Even for those who have a full understanding of what a mortgage is, the term “reverse mortgage” may be unfamiliar to many Canadians. This article intends to provide the high-level basics.
What is it?
Like regular mortgages, a reverse mortgage is simply a loan secured against your home. But unlike regular mortgages, it allows you to draw money based on the equity you have in your home, without having to sell your home. You can take the money out in a lump sum, or in smaller amounts spread out over time.
Especially if you are an older person, a reverse mortgage can be an attractive alterative to more conventional forms of short-term debt, such as personal loans, lines of credit or credit cards. It can be an easier way to get access to funds, compared to having to downsize to a smaller home, or move to a rental property.
Your loan must be repaid at the time you sell your home, move out, or die (and in the latter case your loan is repaid by your estate). If you and a spouse, partner or common-law spouse, parent or a child are the borrowers, the loan does not need to be repaid until the earlier of the last borrower dying, or the last borrower moving out of the property.
What are the benefits?
One of the most appealing things about a reverse mortgage loan is that repayment can be entirely deferred until you sell. Although you are entitled to repay some of the interest or even all of the principal at any time, you can use the borrowed money freely and without restrictions as you choose, without having to make any repayments at all. Plus, you get to keep your home, as owner.
You also pay no tax on the money you borrow, and it does not affect any old age security or guaranteed income supplement benefits you are receiving.
What’s the down-side?
Due to the unique and flexible nature of a reverse mortgage, the administrative costs and interest rate you are charged by the lender will tend to be higher than that for traditional mortgages. Also, since payments on the reverse mortgage needn’t be made at all until the earlier of the last borrower moving out, or the eventual sale of your home, the total interest you will pay at the end will possibly have accumulated to a significant amount.
By extension, this means that when you do come to the end of the term of your loan, you will have chipped away at your home equity and will have less equity remaining.
Who is eligible?
Aside from financial eligibility requirements, which are set by the lender, there are only a few stipulations for obtaining a reverse mortgage. Naturally, the first is that you must own your home; the second is that you must be using it as your primary residence – which means you occupy it for at least six months each year. Also, you must be at least 55 years of age at the time you apply.
Note that if you co-own the home with others, you must indicate that on the loan application.
Is there a limit to how much I can borrow?
The general rule under a reverse mortgage is that a person can borrow up to 55 per cent of the current value of his or her home (this amount is sometimes referred to as the “equity release”). However, your own personal borrowing limit may be less than that, depending on factors such as your age, as well as your lender’s own rules and threshold factors (such as your home’s location, condition and appraised value).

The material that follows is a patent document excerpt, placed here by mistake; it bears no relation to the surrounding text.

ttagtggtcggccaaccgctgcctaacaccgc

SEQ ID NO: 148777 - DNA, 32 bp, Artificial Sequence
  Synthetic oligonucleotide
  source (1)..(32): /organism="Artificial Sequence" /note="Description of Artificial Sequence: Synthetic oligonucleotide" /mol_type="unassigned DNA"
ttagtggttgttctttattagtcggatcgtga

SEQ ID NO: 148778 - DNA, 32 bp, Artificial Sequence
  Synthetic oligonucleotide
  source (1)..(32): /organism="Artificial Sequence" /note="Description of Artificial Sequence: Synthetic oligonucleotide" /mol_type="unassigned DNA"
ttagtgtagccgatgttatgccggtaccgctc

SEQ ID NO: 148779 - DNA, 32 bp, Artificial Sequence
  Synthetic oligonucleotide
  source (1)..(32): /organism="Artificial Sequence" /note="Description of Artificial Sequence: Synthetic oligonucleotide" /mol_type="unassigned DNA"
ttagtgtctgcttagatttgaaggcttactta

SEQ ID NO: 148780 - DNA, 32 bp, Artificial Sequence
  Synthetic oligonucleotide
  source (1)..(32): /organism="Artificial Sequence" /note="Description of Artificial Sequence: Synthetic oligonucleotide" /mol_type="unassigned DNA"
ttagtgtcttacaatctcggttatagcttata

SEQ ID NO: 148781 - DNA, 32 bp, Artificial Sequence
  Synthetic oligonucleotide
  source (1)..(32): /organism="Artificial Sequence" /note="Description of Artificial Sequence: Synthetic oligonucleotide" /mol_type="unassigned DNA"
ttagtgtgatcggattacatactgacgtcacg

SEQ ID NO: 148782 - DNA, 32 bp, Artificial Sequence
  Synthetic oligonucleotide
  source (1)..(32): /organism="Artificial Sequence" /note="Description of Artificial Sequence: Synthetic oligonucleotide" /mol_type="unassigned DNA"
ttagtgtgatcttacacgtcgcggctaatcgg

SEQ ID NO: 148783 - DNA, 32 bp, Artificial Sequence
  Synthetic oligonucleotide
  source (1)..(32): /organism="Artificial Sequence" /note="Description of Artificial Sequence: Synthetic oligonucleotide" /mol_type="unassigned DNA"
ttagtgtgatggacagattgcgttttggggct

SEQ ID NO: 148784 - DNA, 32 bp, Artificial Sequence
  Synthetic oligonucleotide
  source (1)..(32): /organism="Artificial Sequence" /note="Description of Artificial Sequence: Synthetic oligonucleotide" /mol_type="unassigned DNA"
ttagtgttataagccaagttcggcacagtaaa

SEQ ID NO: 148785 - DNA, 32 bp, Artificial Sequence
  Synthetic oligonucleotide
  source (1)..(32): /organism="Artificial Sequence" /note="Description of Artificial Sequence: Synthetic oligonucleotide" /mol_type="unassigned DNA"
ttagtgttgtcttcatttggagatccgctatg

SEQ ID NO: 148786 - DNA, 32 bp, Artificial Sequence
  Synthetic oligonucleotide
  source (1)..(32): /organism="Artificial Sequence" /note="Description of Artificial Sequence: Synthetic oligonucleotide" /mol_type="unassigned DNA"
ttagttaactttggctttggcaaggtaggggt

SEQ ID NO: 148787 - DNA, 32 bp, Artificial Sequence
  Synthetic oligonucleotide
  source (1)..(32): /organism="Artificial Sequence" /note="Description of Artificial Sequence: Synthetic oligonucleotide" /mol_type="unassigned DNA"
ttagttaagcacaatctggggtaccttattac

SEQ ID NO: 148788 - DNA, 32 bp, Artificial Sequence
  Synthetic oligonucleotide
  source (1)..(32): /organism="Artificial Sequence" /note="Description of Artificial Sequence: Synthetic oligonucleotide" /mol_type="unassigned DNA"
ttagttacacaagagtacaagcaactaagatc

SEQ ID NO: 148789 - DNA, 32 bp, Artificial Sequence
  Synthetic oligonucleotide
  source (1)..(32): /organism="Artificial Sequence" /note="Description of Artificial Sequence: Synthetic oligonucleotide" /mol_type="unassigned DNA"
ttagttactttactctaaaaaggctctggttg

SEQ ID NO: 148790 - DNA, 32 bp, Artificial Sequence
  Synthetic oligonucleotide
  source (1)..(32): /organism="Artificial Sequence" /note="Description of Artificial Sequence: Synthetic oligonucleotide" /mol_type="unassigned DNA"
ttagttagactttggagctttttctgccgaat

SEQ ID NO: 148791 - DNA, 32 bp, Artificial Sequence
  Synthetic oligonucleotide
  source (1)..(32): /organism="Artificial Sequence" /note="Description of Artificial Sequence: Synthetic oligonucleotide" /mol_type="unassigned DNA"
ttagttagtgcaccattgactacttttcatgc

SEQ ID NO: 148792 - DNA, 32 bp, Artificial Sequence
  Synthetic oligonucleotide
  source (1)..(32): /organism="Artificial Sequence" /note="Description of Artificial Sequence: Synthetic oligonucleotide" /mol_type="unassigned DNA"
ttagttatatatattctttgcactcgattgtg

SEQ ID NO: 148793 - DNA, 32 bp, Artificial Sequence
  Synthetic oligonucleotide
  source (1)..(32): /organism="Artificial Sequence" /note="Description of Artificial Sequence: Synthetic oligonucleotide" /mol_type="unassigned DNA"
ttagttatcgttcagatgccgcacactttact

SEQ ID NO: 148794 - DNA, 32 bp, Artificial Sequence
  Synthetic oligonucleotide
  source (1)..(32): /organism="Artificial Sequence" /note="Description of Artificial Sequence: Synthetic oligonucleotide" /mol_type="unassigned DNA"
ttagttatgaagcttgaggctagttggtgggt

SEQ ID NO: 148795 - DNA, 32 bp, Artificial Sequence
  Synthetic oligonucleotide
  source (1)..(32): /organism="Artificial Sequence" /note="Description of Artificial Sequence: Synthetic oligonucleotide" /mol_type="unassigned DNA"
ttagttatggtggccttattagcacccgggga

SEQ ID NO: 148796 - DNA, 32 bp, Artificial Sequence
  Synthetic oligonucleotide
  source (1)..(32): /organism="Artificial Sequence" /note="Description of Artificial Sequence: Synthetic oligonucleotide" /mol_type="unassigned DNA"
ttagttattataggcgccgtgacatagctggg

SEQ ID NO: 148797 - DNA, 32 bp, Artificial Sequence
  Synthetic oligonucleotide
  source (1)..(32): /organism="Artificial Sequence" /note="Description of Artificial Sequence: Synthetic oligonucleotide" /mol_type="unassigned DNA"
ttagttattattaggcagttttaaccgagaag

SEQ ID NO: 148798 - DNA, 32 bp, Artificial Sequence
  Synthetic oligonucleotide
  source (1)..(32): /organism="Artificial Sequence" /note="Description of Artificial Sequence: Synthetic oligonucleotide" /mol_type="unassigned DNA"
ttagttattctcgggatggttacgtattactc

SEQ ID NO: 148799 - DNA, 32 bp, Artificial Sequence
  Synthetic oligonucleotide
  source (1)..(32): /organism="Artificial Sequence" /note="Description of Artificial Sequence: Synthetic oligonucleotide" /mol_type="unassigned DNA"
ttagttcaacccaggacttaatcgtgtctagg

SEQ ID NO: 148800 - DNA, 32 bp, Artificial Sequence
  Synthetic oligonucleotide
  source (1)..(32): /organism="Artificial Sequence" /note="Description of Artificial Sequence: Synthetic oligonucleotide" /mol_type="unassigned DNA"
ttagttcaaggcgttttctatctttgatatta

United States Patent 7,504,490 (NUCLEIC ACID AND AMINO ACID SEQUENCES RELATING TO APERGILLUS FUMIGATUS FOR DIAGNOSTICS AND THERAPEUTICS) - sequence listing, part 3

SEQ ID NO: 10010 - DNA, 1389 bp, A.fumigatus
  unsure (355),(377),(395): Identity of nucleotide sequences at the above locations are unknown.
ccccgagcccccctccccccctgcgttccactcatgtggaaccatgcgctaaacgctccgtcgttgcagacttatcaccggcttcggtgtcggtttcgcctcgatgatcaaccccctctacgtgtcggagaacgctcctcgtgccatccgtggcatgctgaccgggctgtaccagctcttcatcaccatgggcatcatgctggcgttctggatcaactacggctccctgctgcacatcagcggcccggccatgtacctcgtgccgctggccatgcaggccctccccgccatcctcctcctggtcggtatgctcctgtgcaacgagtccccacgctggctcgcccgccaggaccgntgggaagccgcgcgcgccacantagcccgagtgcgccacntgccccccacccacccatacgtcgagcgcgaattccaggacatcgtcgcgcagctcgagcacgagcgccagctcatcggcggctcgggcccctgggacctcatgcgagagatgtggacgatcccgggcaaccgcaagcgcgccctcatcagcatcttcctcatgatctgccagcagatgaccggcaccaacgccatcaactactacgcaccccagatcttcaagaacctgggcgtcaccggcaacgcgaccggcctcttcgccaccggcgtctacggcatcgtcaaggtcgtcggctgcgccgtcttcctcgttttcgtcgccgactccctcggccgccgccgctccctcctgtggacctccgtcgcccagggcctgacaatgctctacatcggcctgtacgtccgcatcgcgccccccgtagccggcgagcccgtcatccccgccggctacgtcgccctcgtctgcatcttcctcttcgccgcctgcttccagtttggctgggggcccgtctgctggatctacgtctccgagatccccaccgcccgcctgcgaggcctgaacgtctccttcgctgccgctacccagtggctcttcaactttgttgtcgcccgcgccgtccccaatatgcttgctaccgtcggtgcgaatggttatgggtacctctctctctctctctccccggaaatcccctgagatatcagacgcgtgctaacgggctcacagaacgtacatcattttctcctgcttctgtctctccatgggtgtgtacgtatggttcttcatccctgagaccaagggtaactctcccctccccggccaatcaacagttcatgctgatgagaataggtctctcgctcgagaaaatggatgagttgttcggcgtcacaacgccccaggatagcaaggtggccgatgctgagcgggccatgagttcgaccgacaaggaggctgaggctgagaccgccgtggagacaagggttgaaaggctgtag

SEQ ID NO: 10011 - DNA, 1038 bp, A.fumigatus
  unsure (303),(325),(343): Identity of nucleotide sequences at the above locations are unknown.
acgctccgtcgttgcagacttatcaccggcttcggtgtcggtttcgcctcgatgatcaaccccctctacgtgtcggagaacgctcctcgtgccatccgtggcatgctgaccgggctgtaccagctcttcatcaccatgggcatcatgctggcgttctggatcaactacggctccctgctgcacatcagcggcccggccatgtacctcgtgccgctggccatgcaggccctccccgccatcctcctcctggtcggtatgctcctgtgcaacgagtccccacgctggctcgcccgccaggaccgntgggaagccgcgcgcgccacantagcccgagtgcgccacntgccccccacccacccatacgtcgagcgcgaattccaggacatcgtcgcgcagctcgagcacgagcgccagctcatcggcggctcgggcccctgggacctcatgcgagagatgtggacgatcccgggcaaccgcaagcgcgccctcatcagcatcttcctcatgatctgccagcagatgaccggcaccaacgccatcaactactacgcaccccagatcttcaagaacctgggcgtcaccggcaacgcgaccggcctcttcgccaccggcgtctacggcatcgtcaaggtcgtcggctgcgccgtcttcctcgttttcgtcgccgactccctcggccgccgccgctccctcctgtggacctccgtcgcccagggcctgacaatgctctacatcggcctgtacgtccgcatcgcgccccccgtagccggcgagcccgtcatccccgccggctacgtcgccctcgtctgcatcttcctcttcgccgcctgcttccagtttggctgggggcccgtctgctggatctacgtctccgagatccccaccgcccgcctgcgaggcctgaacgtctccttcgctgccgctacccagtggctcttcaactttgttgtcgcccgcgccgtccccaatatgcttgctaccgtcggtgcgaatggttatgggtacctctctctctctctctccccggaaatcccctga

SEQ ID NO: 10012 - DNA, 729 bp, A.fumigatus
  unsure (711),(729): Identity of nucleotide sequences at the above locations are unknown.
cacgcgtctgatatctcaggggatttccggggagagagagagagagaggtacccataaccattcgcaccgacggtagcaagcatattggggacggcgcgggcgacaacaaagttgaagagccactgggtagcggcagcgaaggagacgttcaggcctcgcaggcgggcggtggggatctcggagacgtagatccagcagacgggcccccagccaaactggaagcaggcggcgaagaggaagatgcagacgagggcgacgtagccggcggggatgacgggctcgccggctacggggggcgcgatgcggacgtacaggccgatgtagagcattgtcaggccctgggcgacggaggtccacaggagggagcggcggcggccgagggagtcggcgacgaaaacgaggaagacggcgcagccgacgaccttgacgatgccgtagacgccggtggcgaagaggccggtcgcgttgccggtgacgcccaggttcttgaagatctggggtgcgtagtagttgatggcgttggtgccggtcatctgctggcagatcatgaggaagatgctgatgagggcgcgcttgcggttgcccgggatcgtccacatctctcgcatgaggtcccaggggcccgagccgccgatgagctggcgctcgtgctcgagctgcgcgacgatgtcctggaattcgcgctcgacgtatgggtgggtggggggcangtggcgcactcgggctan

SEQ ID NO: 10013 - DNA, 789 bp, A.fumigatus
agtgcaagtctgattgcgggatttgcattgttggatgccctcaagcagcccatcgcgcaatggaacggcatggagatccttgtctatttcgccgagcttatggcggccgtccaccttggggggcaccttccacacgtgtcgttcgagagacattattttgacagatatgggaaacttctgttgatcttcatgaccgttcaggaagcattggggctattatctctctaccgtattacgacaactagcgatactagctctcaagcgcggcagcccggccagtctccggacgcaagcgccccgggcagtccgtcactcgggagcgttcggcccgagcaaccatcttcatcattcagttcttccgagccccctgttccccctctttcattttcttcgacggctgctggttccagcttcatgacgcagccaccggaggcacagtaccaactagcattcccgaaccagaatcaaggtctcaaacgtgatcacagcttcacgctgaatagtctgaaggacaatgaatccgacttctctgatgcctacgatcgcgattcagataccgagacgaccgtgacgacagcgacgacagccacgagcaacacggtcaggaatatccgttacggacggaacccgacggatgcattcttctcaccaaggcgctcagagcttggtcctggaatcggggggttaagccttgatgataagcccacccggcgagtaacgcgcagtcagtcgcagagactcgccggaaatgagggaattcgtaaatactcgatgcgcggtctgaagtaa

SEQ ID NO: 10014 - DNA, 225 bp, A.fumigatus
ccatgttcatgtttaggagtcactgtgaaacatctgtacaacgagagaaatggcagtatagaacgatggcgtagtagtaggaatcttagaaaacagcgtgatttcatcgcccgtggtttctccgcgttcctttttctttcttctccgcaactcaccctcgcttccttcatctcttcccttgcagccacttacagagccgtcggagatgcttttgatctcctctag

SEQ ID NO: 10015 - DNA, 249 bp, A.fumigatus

What about my existing mortgage?
Before you can get a new reverse mortgage from a lender, you will first have to pay off any existing loans, mortgages or lines of credit that are secured by your home. But the good news is that you can use some of that “equity release” money from the reverse mortgage to retire those debts.
What can I do with the money?
The beauty of the reverse mortgage is that you can borrow against your home’s equity to live out your remaining years in your own home, in enhanced financial comfort. You may want to use the borrowed money for home repairs, unforeseen health care expenses, for finally getting rid of some lingering and longstanding debts, or to take a trip around the world!
What can go wrong?
As with a traditional mortgage, you can default on a reverse mortgage by failing to meet your obligations to the lender either before or during the application. For example, you can default by being dishonest on your reverse mortgage application, or by not adhering to the terms of the loan contract – such as using borrowed funds for an illegal purpose. The lender may have additional stipulations outlining what events constitute default in the reverse mortgage scenario.
Where do I get one?
There is a very small number of Canadian lenders who are willing to offer a reverse mortgage. These currently include the HomeEquity Bank and Equitable Bank.
Is it right for me?
A reverse mortgage can be a very attractive solution for getting access to funds that you can enjoy during your “twilight years”. However, it’s not right for everyone. Talk to your financial advisor to see if it could be the right solution for you.
Toronto lawyer Martin Rumack’s practice areas include real estate law, corporate and commercial law, wills, estates, powers of attorney, family law and civil litigation. He is co-author of Legal Responsibilities of Real Estate Agents, 4th Edition, available at the TREB bookstore and at LexisNexis. Visit Martin Rumack’s website.